Last week, though, I decided I should dedicate some actual time to it, otherwise it was just going to be a background project forever, and nothing is less motivating than returning to a project that seems to be going nowhere. So, Tuesdays and Thursdays are now for sweater -knitting only (well, and work and cooking and all that other stuff; it’s more like any knitting that gets done on those days must be for the sweater). It’s been two weeks, and this is what I have to show for myself:

April 10, barely beyond the ribbing and before my dedicated sweater knitting plan.

April 20.


This is Buckwheat by Veera Valimaki and I am being unoriginal and knitting in the same colourway she did, which is Malabrigo Sock ochre (had I seen Boticelli Red at the time, things might have been different). To get gauge I had to go up to a 4.5 mm needle, which means the wool and needle pairing are not exactly natural (tiny wool, biggish needle), so I feel the need to hold everything more tightly than normal, which is slowing me down.

I’m not quite at the waist shaping, which means I’m just far enough along to start worrying that it won’t fit. I have no reason to think this except that I tend to think this about everything  knit right around the point that I’m far enough into it that ripping back seems unfathomable.  Thus, I will not be ripping this and will instead persevere with the assumption that I’m being crazy and everything will work out.

Turning a corner, so to speak


A little while ago I started thinking about a pair of socks I wanted to knit. This isn’t that unusual, except that it wasn’t a pair I’d seen out there before. I poked around on Ravelry and didn’t see the socks I wanted, so I decided to hunker down and do the math and figure them out myself. Admittedly, they weren’t too tricky or fancy, and that was kind of the appeal. After colourwork and lacework, what I really wanted was a sock that was easy to knit, but not boring. I knew exactly what yarn I wanted to use (I’d spotted it on my shopping spree), so when I saw it again I snapped it up and set about charting.

Malabrigo sock in colourway Boticelli Red – it's an incredibly deep and decadent colour.

I cast on last week, and I’m pretty pleased with how things are progressing.

This is actually my first cable project (so it still qualifies as a socks-as-learning-tool project), which added a little bit more daring to the design. I’m also knitting at a really tight gauge (about 11 stitches to an inch), which I’m hoping will make for a long-wearing sock.

What really pleases me about this project, though, is that for the first time, my ssks look just like my k2togs. Seriously. Maybe you don’t have this problem, but for me, my decreases rarely match. They’re close, absolutely, but they just aren’t quite equal. It always seemed that no matter what I did, my ssk had a floppy arm. There, I said it. It was imperfectly formed, and although I’m sure no one else noticed, I noticed, and I bugged me.  It turns out, though, that there’s a solution: Cat Bordhi devised a way to make “slim and trim ssks” (YouTube link) and you know what? It totally works. I will never ssk without a “hungry stitch” again if I can help it. Just look at this:



I thought the cables would be my favourite part of the socks, but you know, I think the ssks are jockeying their way forward. They’re so tidy. They’re so trim. They’re so indistinguishable from their k2tog brethren. I’m excited to get to the toes where their matchy-ness will really be on display. This is an incredibly nerdy thing to be excited about, but I just found out that, after months of thinking ‘there has to be a better way,’ it turns out there is. I am thrilled!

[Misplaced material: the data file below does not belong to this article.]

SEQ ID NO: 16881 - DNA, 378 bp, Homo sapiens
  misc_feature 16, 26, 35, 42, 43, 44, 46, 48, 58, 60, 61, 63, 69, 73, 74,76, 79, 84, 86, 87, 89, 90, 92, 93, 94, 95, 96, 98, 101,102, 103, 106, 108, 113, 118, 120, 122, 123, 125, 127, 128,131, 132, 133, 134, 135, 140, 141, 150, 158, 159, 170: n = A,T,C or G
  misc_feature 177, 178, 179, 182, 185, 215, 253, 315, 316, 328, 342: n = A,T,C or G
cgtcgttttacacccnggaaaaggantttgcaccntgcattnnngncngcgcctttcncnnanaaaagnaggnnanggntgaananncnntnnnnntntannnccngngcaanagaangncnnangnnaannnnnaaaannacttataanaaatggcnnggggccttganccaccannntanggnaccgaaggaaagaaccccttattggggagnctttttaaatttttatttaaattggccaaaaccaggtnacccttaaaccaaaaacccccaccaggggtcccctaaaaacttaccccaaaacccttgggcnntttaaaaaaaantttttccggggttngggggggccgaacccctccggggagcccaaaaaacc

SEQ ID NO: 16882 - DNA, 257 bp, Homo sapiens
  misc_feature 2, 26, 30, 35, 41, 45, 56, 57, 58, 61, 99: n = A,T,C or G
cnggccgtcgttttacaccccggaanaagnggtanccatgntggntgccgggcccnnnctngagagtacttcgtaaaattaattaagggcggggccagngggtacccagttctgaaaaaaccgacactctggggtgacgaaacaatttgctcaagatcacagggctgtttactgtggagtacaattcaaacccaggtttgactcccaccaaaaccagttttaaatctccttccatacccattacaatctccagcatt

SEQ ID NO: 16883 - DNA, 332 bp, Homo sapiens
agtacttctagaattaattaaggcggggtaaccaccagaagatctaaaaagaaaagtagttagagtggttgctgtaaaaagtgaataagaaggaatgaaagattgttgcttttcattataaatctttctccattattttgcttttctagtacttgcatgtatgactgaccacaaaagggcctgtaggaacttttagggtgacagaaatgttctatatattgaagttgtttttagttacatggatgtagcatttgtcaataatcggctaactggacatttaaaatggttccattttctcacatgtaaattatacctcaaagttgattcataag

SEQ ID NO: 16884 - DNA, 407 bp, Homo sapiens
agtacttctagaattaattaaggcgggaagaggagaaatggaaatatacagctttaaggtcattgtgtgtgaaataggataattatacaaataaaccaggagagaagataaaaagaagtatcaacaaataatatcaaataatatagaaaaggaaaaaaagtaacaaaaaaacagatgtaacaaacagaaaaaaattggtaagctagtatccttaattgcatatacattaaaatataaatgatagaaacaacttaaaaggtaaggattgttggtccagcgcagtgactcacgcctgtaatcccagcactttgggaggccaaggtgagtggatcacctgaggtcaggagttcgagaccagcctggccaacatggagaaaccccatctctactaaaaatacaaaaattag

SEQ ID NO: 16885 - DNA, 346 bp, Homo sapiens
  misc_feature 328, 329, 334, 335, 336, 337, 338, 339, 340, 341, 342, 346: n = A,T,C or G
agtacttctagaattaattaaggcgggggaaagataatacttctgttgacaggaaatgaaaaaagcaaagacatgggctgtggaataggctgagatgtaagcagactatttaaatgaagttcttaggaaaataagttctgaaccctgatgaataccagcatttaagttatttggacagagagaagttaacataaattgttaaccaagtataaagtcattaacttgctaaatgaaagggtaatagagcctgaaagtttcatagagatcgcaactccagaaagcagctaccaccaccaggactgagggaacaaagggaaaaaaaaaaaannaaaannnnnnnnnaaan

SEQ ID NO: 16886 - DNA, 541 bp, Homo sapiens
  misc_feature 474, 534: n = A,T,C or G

A Cautionary Tale

Yarn splurge

Last weekend I went into Lettuce Knit to exchange some wool (I had an extra, unwound skein of the wool I used for Almondine, so I thought I’d plan ahead and get something for the next pair of socks). I had just started the Happy-Go-Lucky socks, and thought I’d ask Natalie what she thought – I’m still new to colourwork and wanted to make sure I was doing things properly. For the record, this is how far along I was:


Just a bit of top.

At that point, I could get my foot through without any trouble. Nonetheless, Natalie took one look at them and said “be careful.” Her warning: She has highly-arched feet and there are some socks she just can’t get her foot into. I thought about that for a minute and then decided to just got for it. I was knitting above gauge, I thought, surely that will save me. Still, her warning haunted me all week, and when I Friday rolled around and I was halfway through the foot I thought I should check. The heel did seem small to me, and I was (secretly) a little worried. I couldn’t get my foot through. It was because the socks were still on the needles I reasoned, and plowed on.

Still, I was worried. I went to work that night and then spent all my downtime on Ravelry looking at projects I could start on the weekend in case these socks decided not to fit. I need to do this. I need to plan for the worst so that if it doesn’t happen, I can rejoice, and if it does I have something else planned already so no worries. I picked two patterns (this one and this one) and decided that I’d finish the Happy-Go-Lucky toe on Saturday morning and then go buy the necessary wool for the other patterns. No big deal.

Of course, then the sock fit. Only barely, to be fair, but I got it on and it was comfortable and lovely. Perfect, right? Well, yes and no. You see, in all my planning for ways to not be horribly disappointed in case they didn’t fit, I got kind of excited about these other projects.


Half of a pair. Secretly, I'm pretty pleased about how this looks – especially the surprise stripes on the sole.

That meant I went to the yarn store anyway.

Yarn splurge

Three skeins each of Cascade 220 Heathers in colourway 4008 (for the scarf) and three of Malabrigo sock in colourway Ochre (for the sweater).

I have been swatching ever since. I will cast on the second sock this week, but I might also cast on a sweater. Maybe today. Maybe right now. You see what happens when you preplan for disaster?